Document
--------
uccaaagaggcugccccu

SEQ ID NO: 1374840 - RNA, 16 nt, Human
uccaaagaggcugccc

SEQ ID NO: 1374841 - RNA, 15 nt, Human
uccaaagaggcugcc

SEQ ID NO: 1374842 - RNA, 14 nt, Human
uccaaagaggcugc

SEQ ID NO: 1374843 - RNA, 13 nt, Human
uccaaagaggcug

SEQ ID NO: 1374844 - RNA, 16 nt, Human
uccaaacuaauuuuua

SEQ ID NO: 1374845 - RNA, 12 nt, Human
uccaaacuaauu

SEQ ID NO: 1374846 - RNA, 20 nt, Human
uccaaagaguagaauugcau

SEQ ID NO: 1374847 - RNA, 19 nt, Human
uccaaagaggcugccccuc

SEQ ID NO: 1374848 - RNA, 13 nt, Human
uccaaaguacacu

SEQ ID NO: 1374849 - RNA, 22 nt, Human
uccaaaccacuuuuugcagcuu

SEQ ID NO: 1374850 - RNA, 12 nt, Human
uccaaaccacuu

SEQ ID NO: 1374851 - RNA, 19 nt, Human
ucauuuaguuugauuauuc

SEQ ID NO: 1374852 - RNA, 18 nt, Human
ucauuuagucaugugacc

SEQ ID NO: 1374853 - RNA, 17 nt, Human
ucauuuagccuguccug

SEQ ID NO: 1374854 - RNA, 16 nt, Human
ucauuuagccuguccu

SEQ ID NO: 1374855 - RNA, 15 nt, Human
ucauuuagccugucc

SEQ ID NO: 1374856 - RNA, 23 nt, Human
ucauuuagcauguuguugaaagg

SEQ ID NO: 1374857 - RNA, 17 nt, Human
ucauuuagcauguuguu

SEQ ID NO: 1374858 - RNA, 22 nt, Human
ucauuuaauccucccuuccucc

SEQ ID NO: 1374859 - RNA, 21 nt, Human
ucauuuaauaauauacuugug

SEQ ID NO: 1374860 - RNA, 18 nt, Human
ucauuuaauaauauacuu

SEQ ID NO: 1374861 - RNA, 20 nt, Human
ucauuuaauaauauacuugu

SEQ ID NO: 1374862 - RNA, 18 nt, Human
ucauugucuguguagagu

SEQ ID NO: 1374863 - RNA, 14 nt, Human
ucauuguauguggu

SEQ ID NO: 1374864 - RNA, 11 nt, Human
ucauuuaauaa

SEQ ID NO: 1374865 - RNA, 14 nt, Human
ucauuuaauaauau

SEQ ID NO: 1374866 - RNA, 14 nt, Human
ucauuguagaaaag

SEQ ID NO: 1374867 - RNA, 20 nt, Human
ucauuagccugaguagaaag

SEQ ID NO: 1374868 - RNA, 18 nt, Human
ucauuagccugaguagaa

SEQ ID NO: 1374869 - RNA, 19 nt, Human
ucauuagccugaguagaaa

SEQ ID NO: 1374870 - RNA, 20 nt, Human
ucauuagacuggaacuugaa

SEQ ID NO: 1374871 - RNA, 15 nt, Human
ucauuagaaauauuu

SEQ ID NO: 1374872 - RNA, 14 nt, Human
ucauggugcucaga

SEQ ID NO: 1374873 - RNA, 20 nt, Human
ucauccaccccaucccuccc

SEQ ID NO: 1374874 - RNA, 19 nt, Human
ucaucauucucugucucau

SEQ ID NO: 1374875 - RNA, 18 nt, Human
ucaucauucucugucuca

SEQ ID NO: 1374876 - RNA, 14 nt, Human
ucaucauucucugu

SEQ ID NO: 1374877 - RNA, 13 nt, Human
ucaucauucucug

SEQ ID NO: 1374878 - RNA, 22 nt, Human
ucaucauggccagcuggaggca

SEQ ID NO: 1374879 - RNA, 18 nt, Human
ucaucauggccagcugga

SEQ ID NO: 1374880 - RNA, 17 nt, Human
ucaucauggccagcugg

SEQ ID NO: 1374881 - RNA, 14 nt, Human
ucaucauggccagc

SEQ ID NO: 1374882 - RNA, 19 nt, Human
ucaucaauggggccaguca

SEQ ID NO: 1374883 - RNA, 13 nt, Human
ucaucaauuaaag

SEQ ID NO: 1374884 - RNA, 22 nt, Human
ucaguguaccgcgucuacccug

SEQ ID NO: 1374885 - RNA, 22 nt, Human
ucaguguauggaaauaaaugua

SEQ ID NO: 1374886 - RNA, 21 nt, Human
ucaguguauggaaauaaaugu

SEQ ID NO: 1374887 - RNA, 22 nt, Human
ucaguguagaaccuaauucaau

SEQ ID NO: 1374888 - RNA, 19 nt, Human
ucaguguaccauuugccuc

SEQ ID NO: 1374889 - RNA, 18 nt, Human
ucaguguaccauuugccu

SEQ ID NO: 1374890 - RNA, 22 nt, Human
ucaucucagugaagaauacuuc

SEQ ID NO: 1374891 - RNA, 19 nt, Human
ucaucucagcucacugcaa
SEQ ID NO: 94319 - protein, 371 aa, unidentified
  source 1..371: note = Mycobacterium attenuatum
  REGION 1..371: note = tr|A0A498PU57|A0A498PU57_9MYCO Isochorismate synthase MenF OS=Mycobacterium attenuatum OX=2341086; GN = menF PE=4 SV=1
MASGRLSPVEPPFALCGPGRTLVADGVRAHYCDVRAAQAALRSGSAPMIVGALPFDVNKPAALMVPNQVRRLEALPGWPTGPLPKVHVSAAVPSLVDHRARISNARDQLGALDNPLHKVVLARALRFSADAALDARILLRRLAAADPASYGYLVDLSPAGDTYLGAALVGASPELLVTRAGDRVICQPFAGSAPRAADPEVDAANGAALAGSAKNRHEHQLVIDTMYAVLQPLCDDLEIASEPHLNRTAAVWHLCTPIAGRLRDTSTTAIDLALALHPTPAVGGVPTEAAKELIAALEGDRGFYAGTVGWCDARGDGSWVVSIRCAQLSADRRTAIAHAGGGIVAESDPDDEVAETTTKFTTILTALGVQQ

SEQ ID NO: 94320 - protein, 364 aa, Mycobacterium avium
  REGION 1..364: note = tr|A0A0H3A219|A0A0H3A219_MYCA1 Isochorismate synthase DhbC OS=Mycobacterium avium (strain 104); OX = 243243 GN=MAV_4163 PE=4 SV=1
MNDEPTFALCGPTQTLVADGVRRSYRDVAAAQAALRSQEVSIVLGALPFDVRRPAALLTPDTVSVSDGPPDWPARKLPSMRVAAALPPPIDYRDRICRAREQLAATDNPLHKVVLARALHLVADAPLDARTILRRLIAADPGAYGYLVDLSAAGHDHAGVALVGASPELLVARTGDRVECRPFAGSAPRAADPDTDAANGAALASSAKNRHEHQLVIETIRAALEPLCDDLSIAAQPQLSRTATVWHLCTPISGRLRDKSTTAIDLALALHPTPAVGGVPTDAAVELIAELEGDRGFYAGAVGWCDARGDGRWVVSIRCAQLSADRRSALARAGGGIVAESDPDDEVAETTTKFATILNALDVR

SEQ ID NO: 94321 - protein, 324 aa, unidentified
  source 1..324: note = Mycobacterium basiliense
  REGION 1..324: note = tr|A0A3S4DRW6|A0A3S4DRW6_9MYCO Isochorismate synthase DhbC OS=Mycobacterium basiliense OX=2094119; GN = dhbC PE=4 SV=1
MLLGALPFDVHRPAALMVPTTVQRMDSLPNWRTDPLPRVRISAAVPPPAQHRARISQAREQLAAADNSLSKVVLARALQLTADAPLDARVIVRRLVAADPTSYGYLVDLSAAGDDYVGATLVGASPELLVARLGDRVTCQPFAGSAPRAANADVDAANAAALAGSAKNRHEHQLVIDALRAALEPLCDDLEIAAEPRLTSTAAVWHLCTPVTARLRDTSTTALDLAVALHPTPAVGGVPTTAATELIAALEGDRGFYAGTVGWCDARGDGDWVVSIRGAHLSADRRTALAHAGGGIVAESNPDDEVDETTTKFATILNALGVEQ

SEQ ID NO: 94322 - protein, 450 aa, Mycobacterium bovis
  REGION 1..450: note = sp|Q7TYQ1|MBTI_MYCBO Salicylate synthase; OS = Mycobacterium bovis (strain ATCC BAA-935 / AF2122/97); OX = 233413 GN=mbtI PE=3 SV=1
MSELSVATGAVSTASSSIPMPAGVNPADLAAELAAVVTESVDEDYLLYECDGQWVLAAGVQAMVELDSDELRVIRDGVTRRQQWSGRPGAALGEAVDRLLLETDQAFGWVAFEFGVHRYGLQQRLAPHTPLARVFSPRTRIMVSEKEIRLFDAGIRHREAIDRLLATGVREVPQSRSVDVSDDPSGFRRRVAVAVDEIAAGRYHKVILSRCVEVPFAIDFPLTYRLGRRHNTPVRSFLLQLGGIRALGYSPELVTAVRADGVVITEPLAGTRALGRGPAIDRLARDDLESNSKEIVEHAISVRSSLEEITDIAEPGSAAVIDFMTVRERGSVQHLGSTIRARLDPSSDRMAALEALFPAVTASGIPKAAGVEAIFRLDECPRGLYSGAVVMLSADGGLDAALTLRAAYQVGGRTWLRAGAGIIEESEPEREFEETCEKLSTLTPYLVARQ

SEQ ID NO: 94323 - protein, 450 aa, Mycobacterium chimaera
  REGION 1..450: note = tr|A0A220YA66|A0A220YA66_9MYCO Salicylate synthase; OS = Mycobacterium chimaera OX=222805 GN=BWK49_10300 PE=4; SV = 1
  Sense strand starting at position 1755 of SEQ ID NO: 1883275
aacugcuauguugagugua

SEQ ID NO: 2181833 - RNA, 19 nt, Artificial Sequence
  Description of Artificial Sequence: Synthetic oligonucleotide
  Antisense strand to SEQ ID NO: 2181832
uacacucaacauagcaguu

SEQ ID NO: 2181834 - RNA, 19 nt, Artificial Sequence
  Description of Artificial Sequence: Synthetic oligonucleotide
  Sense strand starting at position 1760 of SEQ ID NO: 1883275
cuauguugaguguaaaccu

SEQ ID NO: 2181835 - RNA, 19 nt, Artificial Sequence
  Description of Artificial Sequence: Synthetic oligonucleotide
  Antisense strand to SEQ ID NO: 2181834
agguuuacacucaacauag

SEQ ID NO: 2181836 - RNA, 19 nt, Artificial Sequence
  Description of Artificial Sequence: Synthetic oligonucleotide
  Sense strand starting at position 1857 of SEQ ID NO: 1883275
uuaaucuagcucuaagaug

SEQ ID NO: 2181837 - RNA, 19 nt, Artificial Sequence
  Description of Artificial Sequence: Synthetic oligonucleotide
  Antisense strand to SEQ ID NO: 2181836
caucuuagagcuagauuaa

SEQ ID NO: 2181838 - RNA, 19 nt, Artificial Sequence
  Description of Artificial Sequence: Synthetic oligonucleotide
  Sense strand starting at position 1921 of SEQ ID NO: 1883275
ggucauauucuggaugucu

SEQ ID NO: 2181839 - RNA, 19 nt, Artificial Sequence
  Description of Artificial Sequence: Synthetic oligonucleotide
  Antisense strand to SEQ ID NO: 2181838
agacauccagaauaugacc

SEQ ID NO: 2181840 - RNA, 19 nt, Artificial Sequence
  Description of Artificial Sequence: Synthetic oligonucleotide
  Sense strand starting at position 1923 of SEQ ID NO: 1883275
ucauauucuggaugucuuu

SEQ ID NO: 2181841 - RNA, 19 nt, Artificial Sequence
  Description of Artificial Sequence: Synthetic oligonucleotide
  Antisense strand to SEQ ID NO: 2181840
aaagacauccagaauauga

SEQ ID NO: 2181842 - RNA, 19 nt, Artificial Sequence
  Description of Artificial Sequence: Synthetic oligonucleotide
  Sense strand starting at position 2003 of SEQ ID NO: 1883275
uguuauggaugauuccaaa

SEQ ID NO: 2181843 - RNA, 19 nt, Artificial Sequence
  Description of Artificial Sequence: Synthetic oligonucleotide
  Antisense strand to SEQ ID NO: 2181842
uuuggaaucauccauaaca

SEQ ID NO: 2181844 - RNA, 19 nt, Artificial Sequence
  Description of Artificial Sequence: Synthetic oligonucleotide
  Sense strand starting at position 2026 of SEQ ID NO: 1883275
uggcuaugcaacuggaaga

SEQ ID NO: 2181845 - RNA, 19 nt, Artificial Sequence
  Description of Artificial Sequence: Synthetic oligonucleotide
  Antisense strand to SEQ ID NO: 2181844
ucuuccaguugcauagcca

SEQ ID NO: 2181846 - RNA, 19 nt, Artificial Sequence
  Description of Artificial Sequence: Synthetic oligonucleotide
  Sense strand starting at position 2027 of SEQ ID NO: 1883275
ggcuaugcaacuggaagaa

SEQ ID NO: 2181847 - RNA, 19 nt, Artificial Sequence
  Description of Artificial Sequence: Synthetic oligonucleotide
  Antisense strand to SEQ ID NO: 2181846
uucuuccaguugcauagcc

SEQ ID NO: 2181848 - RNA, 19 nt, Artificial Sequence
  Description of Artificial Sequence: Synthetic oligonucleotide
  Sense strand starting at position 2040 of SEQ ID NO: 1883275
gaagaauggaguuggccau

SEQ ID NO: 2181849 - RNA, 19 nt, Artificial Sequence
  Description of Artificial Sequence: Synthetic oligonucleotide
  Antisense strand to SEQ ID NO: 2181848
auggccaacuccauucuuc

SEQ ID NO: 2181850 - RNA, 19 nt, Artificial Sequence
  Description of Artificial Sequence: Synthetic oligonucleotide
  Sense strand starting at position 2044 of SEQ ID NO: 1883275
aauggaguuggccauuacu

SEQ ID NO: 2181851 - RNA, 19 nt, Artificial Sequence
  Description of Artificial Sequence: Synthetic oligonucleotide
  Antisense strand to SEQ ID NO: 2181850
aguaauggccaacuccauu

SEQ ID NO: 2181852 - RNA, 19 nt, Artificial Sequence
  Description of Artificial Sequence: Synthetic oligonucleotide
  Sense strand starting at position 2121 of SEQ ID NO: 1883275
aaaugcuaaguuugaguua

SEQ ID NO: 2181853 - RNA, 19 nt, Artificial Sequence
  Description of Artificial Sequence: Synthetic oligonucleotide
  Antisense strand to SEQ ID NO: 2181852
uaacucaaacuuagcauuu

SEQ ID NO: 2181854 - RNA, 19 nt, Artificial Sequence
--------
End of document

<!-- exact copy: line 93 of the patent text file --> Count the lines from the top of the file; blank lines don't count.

ucaguguauggaaauaaaugua